Nothing like a good scandal. The most recent one involves a 41-year-old Sheba (Batsheba), a teacher, and her affair with one of the students, Connolley. The book is written as a recollection of the events and the narrator is Sheba’s fellow teacher, Barbara.
Let me begin with noting that there was not a single character in the book that I would truly like. Sheba was emotionally immature and let herself begin a “relationship” with a boy, who was her student. It’s not a story about love beyond boundaries, such as age or relation teacher-student. It’s not about love at all. Connolley had a nice, little adventure and moved on. Sheba cheated on her husband and hurt her two children.
Then there’s Barbara. She’s a stern, cold woman who doesn’t have her own family or any friends. She developed an obsession for Sheba from the latter’s first day at school. Soon becoming Sheba’s friend became some sort of a meaning of life for Barbara. It’s not entirely stated if that fascination came from Barbara’s hidden lesbian feelings, frustration, or jealousy over Sheba’s family, or simply craziness. Personally, I think she was a lesbian, hid it all her life, and the obsession came from frustration.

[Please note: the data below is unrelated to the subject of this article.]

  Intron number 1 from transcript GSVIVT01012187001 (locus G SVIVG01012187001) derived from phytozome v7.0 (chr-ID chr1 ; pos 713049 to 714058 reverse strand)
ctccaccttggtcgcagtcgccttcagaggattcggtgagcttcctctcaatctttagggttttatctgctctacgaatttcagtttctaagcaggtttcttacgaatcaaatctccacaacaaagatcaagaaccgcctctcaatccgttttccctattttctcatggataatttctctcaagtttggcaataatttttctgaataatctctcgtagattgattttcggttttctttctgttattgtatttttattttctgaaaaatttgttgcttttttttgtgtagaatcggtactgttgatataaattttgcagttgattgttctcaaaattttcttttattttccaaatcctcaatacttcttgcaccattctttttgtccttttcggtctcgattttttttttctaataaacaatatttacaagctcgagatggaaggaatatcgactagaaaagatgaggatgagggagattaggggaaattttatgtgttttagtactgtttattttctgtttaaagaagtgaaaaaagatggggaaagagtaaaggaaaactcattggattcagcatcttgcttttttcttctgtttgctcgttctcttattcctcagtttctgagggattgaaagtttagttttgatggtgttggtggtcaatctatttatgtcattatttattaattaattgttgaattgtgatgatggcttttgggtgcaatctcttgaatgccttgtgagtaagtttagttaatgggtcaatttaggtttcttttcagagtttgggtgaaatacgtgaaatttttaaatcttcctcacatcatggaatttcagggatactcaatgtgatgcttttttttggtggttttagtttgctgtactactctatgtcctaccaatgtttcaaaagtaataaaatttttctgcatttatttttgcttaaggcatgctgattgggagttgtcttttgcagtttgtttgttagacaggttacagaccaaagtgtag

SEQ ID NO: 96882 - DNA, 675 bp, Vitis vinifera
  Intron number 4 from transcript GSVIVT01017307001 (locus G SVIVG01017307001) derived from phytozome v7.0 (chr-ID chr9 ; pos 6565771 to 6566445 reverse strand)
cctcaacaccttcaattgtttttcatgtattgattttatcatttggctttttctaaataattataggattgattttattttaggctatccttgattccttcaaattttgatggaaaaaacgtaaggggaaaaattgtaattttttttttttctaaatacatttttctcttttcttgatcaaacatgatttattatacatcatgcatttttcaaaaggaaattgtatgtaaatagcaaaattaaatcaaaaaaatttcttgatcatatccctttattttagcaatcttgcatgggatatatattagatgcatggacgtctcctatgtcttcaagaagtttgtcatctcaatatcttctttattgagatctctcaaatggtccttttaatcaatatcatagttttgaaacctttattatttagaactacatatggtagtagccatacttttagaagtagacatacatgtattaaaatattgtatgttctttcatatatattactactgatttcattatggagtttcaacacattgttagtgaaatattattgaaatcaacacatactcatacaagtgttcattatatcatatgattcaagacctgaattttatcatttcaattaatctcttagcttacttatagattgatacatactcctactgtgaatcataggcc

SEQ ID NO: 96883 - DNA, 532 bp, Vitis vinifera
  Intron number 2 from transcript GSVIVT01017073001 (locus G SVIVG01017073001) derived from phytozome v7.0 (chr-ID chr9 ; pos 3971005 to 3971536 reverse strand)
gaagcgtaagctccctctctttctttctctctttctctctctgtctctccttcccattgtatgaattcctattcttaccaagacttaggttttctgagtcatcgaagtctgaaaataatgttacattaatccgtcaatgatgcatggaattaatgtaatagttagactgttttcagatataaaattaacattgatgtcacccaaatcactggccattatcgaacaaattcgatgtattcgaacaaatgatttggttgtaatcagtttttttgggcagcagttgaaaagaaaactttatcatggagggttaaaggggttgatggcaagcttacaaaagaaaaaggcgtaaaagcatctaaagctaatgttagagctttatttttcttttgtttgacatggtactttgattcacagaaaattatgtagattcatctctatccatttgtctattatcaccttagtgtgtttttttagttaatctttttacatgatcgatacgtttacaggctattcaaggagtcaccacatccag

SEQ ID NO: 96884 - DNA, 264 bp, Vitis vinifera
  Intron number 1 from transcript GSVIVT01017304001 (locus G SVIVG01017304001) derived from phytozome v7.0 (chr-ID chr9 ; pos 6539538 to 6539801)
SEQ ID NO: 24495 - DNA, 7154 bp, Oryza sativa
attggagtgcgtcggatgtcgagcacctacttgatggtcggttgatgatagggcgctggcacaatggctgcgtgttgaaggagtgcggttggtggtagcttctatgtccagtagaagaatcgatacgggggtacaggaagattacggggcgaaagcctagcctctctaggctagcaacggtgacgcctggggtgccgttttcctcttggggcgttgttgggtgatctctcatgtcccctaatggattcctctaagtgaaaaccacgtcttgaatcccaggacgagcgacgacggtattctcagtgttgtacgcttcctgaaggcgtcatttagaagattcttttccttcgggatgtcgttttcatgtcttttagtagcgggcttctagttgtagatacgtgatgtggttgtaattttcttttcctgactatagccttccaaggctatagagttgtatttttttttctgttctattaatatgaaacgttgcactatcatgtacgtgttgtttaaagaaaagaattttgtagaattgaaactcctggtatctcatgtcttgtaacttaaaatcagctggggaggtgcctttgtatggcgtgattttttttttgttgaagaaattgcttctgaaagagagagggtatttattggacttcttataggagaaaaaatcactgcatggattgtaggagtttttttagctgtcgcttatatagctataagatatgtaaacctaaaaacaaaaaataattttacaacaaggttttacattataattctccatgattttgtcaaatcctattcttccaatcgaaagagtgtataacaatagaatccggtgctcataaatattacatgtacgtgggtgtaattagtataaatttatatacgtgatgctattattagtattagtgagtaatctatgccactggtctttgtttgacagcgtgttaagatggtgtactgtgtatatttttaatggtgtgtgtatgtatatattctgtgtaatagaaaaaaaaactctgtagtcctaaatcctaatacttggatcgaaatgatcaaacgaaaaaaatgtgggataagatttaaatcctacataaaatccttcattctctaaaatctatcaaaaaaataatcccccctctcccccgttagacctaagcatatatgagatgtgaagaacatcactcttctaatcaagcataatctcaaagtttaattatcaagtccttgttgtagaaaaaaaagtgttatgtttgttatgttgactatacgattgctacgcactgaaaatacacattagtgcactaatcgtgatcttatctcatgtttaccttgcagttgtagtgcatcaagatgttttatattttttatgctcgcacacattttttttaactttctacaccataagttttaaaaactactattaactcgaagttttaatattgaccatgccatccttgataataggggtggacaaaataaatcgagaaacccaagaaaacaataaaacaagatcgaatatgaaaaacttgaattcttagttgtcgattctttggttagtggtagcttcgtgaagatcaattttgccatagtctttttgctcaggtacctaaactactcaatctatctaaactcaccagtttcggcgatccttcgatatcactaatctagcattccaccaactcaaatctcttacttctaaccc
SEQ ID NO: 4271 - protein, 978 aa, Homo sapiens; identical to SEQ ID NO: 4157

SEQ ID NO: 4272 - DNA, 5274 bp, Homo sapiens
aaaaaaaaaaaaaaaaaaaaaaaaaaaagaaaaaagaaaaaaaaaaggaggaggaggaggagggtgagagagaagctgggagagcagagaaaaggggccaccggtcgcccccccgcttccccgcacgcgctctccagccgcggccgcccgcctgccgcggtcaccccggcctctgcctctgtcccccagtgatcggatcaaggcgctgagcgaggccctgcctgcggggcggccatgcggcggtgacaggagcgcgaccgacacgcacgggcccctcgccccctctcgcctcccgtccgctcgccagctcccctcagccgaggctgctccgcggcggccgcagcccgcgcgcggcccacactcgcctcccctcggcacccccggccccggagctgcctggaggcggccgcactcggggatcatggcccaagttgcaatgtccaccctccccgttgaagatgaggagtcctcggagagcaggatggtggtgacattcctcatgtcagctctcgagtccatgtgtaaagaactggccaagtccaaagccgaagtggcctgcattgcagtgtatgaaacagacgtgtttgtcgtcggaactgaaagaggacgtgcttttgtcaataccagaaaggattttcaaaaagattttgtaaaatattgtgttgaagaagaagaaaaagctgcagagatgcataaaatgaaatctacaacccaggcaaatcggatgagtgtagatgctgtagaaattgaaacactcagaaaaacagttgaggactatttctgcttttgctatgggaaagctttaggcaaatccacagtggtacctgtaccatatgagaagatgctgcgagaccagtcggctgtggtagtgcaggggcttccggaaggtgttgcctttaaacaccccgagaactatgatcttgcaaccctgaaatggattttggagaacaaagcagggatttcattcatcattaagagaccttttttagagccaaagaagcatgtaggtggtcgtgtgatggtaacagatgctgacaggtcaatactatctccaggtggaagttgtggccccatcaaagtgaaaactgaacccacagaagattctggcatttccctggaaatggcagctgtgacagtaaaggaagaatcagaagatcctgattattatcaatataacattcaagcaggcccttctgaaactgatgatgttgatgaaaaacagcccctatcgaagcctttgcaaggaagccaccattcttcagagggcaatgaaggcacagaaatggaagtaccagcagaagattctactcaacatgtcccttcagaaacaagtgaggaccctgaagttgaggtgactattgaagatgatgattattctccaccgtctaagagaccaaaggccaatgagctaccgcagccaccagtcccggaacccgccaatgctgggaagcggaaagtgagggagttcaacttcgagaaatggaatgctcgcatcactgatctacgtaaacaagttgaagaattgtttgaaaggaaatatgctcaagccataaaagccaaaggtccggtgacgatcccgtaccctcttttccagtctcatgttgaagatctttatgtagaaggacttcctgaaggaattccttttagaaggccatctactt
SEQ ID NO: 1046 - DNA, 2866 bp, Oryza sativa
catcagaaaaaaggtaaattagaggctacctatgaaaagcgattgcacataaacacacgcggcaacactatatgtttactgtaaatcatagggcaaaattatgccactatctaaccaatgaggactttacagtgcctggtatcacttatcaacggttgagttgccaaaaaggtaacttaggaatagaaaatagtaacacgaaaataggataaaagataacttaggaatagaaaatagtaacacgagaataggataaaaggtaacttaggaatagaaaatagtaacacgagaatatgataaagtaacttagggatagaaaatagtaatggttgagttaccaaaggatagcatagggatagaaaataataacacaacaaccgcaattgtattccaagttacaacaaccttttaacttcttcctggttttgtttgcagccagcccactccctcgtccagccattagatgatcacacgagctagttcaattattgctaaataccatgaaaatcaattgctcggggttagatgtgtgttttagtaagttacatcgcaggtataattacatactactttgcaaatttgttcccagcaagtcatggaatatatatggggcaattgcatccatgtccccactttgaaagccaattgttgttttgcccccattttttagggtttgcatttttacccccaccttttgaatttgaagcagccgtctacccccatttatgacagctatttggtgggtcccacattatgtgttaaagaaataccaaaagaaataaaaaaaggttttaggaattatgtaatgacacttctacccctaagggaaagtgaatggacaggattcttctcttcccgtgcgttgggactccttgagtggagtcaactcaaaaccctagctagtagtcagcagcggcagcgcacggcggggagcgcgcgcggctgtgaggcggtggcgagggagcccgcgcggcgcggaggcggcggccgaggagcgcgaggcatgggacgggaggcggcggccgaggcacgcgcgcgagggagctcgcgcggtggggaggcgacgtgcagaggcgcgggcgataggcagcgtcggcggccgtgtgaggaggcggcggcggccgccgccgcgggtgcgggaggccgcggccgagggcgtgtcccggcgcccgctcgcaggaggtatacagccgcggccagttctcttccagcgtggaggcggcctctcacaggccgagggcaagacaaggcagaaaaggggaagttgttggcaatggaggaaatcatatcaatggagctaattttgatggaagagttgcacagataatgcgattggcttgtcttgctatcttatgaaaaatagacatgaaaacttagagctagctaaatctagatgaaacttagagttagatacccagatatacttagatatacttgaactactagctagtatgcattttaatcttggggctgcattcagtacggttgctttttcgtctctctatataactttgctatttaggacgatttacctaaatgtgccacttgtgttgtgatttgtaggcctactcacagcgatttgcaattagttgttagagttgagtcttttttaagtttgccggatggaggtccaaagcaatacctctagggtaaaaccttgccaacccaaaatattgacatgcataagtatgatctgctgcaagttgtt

But that’s just my opinion.
As well as feeling sorry for Barbara. Maybe she didn’t deserve to feel sorry for, but she was lonely and had no real aim in life. So I felt for her. Doesn’t mean that I liked her, tough. Too cold, too manipulative, too controlling to be likeable. Her style lacks of emotions, and though I usually like it when there are a lot of emotions in the book, not this time. The empty tone, that Barbara uses, fits her character perfectly and any other would ruin it for me.
I read a lot of opinions that the movie was better, but to be honest after reading the book I couldn’t focus on the movie. Seemed very boring for me, which the book didn’t.
The book itself is very well written. It’s really honest, and the characters – unlikeable as they are – are created carefully and realistically. The book is fascinating and definitely worth a try. It’s a great story not about the affair itself, but about extreme loneliness. It’s a great psychological portrait of a few characters, but mostly of Barbara.